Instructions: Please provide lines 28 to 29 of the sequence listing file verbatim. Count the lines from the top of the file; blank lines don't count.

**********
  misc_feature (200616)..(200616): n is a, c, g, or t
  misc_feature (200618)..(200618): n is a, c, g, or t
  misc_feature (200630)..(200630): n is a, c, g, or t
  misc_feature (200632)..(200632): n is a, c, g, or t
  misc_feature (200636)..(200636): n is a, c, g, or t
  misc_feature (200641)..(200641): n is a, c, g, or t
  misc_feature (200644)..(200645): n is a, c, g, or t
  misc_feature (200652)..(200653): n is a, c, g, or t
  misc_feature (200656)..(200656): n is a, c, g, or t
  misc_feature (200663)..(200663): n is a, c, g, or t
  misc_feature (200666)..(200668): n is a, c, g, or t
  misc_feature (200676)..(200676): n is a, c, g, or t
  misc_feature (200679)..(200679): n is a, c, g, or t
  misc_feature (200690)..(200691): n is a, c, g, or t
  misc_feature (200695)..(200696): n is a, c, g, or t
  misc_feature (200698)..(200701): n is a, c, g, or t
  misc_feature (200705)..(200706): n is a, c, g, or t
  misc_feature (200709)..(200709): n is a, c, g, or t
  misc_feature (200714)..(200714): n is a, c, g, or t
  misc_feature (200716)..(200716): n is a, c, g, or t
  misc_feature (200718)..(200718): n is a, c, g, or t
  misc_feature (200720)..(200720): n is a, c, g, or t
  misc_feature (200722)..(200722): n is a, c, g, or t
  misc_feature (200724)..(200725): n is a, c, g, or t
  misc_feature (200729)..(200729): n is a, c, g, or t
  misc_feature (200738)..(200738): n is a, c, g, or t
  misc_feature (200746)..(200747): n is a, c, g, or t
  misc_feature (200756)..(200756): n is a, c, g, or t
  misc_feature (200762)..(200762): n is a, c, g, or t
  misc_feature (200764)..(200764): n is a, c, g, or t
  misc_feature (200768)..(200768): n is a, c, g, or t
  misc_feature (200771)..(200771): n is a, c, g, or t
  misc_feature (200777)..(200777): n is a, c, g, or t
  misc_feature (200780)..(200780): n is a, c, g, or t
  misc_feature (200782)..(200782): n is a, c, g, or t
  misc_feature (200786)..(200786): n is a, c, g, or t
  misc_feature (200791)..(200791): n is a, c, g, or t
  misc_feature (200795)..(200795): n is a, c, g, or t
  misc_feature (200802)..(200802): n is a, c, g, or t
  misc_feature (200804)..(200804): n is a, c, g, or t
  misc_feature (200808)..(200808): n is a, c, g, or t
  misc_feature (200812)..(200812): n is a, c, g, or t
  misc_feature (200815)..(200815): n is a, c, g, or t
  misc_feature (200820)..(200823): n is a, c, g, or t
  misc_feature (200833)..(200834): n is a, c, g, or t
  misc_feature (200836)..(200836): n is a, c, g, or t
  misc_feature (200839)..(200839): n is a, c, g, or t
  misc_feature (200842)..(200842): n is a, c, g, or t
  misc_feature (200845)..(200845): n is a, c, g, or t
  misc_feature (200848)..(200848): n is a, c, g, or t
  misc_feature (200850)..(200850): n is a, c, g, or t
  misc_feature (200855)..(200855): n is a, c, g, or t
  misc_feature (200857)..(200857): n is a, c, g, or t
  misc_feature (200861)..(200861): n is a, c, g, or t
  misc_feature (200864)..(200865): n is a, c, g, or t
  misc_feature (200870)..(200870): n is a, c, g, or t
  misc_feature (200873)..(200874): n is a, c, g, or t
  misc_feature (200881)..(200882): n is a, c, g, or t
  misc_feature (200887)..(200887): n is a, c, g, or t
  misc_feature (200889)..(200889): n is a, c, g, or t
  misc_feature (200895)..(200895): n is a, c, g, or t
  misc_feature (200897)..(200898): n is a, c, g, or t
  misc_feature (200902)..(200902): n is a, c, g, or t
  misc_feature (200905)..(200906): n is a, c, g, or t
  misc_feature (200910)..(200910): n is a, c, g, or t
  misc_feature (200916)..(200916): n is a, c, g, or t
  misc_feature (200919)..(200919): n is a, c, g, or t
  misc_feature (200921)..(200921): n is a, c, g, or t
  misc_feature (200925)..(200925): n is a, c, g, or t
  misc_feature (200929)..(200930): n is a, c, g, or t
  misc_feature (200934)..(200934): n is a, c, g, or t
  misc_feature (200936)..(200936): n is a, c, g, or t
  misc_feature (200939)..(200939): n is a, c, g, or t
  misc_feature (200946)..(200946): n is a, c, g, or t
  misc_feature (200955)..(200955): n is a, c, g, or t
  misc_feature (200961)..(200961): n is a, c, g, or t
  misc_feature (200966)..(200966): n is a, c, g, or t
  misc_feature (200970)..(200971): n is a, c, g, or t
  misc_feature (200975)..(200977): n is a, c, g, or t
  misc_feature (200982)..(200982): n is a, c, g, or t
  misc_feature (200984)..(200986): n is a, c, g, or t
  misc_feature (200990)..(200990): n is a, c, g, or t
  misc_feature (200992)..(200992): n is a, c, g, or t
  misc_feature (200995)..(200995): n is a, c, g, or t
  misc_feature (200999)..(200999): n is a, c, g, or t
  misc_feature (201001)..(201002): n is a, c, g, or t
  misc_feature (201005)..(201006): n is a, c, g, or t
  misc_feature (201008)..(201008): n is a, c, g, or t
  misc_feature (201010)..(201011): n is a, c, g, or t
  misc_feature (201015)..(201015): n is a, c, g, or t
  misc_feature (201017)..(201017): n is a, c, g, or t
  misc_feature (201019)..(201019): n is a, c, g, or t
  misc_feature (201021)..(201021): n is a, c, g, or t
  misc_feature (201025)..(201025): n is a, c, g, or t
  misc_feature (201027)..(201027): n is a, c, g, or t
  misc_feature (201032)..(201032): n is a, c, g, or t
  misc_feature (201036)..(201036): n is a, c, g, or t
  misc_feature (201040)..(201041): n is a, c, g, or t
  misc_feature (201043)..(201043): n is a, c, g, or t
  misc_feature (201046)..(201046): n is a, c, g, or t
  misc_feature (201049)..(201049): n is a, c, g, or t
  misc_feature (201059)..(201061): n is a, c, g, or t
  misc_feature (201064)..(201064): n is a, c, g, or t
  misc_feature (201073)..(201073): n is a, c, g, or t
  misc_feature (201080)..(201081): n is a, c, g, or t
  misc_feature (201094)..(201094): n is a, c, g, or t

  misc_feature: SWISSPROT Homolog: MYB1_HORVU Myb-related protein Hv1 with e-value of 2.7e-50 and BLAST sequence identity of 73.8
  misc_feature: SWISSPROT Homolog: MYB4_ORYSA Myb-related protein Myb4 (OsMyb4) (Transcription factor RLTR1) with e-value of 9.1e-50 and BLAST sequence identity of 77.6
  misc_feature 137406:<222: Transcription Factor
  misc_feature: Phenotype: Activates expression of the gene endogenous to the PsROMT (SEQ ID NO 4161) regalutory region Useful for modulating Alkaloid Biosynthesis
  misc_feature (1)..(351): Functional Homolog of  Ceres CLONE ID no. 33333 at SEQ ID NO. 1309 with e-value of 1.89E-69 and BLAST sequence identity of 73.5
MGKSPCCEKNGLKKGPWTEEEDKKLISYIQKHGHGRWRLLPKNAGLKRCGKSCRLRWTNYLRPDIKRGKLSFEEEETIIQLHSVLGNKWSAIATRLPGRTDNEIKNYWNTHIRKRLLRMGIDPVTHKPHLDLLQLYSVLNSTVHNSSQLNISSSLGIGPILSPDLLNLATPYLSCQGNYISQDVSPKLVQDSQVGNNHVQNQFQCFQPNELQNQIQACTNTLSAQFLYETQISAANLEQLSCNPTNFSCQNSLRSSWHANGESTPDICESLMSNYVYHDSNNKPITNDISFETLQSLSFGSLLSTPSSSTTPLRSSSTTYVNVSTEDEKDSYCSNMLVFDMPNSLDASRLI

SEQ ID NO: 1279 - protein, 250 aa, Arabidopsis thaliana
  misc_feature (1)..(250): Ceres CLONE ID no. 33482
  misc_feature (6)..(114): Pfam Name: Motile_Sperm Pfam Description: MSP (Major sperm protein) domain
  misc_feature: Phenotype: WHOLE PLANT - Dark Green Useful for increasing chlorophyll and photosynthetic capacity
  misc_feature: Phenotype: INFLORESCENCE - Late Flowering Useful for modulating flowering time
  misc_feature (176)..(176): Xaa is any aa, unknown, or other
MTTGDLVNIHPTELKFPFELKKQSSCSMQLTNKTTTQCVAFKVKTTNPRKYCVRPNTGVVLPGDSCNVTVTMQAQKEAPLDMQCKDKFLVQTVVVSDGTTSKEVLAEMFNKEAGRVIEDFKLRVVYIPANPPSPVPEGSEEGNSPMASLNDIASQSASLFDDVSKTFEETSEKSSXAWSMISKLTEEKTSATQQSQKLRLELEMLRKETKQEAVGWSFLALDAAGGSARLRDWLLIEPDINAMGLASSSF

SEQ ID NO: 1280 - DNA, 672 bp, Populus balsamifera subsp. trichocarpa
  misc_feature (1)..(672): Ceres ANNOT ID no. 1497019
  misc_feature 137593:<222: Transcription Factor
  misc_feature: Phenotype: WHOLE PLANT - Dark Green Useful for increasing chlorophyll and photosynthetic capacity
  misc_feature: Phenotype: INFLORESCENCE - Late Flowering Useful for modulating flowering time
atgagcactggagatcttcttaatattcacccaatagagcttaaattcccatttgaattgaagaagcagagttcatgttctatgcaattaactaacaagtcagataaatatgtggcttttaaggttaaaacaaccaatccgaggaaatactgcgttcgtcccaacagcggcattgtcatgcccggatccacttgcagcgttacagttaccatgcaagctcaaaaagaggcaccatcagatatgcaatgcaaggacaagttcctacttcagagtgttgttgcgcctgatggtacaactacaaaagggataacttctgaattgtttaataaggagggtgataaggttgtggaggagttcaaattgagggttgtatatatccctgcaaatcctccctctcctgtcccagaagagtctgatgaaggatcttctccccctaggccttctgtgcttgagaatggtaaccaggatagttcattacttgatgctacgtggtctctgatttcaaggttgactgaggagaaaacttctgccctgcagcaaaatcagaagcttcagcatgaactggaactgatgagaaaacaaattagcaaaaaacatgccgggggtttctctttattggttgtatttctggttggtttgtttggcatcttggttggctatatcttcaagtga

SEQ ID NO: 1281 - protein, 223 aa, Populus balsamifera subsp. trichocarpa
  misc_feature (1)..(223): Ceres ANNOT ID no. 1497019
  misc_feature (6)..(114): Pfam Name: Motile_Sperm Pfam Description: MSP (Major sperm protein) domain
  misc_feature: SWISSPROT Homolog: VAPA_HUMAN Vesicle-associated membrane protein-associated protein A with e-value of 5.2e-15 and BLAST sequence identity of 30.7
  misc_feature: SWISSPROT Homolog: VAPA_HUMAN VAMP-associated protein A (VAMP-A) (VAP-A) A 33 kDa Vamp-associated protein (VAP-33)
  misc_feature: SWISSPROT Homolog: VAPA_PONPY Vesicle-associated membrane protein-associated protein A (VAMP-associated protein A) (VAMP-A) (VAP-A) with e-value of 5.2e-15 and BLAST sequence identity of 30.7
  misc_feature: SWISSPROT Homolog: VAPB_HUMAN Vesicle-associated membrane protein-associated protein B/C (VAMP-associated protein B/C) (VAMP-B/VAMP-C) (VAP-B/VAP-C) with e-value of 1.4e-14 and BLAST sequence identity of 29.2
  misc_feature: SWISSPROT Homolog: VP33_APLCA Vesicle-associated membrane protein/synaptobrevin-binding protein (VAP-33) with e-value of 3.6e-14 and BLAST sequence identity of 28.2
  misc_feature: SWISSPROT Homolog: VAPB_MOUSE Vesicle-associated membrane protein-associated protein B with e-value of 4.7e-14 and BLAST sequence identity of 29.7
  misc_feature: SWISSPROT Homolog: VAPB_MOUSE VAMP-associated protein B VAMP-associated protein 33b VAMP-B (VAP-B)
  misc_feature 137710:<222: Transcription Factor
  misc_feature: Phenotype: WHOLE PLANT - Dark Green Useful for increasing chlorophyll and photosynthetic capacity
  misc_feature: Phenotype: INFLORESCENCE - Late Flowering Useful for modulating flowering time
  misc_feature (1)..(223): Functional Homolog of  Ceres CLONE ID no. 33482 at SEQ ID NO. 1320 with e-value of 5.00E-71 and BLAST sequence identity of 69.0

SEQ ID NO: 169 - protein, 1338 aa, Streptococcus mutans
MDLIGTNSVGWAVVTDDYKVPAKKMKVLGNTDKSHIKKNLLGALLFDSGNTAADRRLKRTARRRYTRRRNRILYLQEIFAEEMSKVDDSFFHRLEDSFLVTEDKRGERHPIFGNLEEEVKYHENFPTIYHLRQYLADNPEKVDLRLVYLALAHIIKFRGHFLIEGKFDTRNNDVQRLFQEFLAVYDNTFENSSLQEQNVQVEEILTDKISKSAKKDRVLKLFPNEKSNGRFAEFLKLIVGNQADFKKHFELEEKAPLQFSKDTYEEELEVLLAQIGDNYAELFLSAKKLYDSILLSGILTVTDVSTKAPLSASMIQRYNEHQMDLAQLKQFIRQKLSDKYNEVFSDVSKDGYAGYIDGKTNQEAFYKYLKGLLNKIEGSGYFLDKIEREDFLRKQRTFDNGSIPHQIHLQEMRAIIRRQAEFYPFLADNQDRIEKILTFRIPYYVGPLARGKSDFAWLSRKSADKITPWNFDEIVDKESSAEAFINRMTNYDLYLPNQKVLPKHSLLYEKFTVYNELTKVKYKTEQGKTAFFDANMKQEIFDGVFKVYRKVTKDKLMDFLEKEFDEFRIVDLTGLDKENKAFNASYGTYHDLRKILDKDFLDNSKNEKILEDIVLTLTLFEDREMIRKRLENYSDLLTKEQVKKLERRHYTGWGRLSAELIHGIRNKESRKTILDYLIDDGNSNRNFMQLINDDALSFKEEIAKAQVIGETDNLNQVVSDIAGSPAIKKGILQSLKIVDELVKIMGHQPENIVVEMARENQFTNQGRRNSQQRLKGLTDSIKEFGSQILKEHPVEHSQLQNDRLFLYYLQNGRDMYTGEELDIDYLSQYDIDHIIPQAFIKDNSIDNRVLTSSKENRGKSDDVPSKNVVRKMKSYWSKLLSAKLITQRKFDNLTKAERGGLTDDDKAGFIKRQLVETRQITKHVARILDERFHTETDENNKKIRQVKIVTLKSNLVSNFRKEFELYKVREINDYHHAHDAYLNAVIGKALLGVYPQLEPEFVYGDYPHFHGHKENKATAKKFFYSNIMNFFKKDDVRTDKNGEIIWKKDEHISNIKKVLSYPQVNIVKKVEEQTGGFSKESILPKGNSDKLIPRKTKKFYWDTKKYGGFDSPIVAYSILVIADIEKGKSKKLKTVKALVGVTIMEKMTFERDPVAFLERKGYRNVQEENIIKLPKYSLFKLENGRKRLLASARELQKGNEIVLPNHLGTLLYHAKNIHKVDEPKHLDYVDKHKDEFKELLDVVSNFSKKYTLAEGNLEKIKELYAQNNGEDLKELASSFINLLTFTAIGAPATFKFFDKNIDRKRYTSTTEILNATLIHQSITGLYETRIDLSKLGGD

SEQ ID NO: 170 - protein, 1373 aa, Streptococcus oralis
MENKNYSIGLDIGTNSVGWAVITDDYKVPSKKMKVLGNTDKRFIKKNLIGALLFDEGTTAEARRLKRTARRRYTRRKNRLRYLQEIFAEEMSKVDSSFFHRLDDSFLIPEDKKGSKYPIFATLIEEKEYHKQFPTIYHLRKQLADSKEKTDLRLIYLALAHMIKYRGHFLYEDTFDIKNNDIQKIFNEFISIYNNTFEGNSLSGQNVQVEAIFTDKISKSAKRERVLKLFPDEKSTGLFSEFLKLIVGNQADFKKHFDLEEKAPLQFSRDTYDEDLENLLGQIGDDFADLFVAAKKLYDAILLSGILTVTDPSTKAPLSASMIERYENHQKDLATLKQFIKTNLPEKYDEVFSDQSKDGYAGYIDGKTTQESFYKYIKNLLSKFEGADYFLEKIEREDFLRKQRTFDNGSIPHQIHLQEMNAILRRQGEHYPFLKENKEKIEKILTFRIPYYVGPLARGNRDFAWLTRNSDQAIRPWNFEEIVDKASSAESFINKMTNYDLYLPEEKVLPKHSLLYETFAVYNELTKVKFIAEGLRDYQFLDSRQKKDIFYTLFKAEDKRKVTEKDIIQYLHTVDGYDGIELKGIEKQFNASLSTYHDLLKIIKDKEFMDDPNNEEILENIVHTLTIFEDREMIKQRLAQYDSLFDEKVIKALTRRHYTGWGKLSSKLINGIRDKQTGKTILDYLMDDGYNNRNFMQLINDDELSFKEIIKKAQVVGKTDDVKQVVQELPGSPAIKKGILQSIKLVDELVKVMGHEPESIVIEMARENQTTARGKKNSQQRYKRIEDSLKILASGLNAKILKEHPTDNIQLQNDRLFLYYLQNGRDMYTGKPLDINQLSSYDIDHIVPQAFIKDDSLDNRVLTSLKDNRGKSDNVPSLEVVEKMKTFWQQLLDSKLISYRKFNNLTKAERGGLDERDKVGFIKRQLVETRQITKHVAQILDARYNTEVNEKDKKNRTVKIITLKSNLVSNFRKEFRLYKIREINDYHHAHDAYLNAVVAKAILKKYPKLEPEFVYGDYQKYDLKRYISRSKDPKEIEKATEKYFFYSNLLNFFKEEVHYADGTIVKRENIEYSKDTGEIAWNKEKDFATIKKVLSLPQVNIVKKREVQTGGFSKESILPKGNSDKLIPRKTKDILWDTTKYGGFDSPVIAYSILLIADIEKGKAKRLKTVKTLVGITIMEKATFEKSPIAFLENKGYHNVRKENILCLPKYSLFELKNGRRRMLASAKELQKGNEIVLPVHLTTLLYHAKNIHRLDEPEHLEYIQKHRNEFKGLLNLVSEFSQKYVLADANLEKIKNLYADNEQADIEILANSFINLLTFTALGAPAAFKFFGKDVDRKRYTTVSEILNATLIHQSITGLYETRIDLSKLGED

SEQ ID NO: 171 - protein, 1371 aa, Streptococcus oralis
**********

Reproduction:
  misc_feature (200756)..(200756): n is a, c, g, or t
  misc_feature (200762)..(200762): n is a, c, g, or t